14. I just bought Uncanny Inhumans to see if it was worth it. The token mutant is Beast, stuck in a lab and only on a few pages. There’s some of the tiresome royal family and Inhumans history shtick that never interested me. Loads of new Inhumans, but the framing is all wrong for an X-Men replacement – the Inhumans are too rich and powerful to be seen as a minority group. And it all starts deep in continuity I know nothing about and apparently relates back to before Secret Wars. Awful. Though, the one good thing is that it wasn’t packed full of banter (which made reading Uncanny Avengers, Guardians of the Galaxy and All New Avengers one after the other seem tiresome).

  15. That definitely sounds like a screw-up on the editorial side, yeah. It’s not totally surprising given how separate Uncanny Avengers always felt from the Hickman stuff, but still unfortunate.

    I’ve said it before, but what made Rage of Ultron particularly annoying to me is that it felt very clearly like a way to take Hank off the table for a while to create more synergy with the filmic Ant Man (And on that note, I imagine Lang will be dating some version of the Wasp very soon.), and they did it by regressing his character.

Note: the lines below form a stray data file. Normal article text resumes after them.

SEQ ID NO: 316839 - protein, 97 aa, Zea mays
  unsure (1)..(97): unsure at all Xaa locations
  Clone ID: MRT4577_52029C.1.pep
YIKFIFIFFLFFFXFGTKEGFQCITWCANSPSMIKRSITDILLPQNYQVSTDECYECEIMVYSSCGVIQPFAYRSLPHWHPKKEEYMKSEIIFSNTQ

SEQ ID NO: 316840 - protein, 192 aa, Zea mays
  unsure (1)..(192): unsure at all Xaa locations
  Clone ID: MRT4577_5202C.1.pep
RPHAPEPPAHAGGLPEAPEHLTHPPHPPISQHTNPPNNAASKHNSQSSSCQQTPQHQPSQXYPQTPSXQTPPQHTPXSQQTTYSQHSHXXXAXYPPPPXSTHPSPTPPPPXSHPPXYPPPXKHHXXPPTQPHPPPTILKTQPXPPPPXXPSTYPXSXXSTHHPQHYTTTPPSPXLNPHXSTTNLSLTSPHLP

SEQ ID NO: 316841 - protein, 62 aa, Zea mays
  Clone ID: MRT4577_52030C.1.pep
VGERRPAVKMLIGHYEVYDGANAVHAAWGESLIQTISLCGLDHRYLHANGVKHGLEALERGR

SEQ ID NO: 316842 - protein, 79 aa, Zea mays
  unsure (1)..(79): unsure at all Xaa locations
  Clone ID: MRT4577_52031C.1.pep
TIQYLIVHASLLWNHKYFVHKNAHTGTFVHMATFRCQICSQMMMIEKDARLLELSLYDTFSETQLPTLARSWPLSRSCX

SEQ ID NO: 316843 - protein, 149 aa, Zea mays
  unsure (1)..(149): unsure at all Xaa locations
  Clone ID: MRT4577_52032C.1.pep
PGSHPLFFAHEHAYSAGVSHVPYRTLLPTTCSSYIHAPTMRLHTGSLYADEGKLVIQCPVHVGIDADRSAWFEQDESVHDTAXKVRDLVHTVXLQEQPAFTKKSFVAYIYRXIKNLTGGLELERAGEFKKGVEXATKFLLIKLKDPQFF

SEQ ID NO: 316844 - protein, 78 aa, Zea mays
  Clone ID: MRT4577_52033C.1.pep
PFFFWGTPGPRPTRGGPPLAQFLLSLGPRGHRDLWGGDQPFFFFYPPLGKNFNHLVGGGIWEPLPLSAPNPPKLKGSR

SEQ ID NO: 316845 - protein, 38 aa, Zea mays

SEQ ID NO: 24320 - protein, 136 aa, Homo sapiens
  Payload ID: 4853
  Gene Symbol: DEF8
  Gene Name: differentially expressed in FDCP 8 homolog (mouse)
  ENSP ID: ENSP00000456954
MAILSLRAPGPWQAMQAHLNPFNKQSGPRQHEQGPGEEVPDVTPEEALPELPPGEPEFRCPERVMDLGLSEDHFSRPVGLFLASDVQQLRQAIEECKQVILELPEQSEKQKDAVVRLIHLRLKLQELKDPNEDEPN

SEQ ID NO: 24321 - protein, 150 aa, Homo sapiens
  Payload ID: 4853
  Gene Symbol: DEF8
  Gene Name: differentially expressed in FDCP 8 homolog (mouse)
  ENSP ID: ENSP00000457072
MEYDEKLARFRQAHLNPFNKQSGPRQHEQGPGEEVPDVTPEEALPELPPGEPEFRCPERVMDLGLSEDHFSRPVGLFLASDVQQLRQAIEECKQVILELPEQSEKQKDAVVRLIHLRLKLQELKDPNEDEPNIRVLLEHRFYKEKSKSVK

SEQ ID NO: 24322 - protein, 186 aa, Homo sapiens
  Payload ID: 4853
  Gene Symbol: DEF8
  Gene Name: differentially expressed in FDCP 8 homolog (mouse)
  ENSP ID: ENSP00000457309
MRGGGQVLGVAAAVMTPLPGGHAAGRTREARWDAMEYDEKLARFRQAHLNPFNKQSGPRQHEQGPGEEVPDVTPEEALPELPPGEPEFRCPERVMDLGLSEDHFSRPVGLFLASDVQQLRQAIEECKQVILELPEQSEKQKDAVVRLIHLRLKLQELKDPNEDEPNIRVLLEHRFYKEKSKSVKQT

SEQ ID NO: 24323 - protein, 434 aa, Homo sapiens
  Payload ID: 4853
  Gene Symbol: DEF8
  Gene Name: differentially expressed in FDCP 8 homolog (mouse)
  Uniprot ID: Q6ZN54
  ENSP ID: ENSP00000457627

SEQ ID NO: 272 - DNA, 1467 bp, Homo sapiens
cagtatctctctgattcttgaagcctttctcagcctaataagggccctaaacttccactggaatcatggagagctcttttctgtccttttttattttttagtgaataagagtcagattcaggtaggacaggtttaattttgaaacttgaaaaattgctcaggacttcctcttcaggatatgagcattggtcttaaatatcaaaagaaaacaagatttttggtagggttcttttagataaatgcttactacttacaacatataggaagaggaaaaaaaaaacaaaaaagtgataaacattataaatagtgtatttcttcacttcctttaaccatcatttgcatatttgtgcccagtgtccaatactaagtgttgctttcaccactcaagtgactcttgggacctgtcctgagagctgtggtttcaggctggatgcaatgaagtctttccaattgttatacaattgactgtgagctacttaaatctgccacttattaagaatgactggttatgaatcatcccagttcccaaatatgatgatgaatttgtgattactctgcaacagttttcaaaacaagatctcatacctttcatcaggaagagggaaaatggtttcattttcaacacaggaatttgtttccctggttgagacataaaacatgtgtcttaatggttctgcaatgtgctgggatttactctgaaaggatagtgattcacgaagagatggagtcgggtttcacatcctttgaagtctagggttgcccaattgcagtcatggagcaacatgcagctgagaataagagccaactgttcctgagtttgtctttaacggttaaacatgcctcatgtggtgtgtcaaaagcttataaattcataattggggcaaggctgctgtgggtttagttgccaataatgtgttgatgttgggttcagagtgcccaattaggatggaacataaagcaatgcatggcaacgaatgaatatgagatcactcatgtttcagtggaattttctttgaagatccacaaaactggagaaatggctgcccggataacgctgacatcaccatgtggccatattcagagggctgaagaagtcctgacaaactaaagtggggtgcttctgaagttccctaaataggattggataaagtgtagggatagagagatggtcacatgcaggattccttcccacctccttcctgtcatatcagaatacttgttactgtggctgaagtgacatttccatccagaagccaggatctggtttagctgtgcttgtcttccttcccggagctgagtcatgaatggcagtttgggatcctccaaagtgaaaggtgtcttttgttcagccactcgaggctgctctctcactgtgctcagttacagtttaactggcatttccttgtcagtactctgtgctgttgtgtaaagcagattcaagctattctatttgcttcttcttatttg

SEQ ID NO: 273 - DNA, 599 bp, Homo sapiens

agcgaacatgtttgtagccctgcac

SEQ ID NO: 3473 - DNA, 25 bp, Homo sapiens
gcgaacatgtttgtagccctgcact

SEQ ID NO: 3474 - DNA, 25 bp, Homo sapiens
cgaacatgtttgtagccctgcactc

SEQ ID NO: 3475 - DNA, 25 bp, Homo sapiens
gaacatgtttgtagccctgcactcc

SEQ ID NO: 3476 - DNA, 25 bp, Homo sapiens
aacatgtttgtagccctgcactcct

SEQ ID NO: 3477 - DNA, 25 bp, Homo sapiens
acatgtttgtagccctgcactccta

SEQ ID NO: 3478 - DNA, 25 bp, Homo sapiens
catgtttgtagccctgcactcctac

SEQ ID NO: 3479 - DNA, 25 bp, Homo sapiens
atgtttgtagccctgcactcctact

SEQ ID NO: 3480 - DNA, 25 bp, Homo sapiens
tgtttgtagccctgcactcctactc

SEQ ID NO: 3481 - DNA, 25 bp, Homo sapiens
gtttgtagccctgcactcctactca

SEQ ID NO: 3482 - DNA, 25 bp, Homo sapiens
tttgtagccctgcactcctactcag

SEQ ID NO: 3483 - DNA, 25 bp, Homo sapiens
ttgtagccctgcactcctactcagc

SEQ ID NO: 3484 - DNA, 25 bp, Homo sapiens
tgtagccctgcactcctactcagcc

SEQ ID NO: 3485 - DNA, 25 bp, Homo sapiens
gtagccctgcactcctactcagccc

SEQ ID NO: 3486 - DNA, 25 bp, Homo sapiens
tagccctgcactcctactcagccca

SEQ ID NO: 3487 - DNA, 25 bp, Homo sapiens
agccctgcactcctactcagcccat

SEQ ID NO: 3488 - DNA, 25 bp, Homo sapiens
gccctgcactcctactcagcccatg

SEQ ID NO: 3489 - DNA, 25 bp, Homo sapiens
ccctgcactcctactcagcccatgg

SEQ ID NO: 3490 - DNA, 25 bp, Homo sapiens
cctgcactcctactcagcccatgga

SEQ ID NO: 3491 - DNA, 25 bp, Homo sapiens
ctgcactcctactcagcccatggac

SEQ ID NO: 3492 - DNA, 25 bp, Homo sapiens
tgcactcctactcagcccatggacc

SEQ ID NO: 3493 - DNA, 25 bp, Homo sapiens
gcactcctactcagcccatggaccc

16. ZZZ says:

    Glad to see I wasn’t the only one who had no idea who Synapse was. I was afraid she was a semi-major character I’d just completely managed to miss.

    Is there any explanation in Uncanny Inhumans for why the Human Torch is with them now? Is he an Inhuman now, or is he dating Crystal again (which could add an interesting wrinkle to him teaming up with Quicksilver) or is it something else? And do they mention the irony of the HUMAN Torch joining the Inhumans, or is it one of those things where the character’s name has become so ingrained that it no longer registers with the writers has having a meaning beyond “Johnny Storm’s codename”?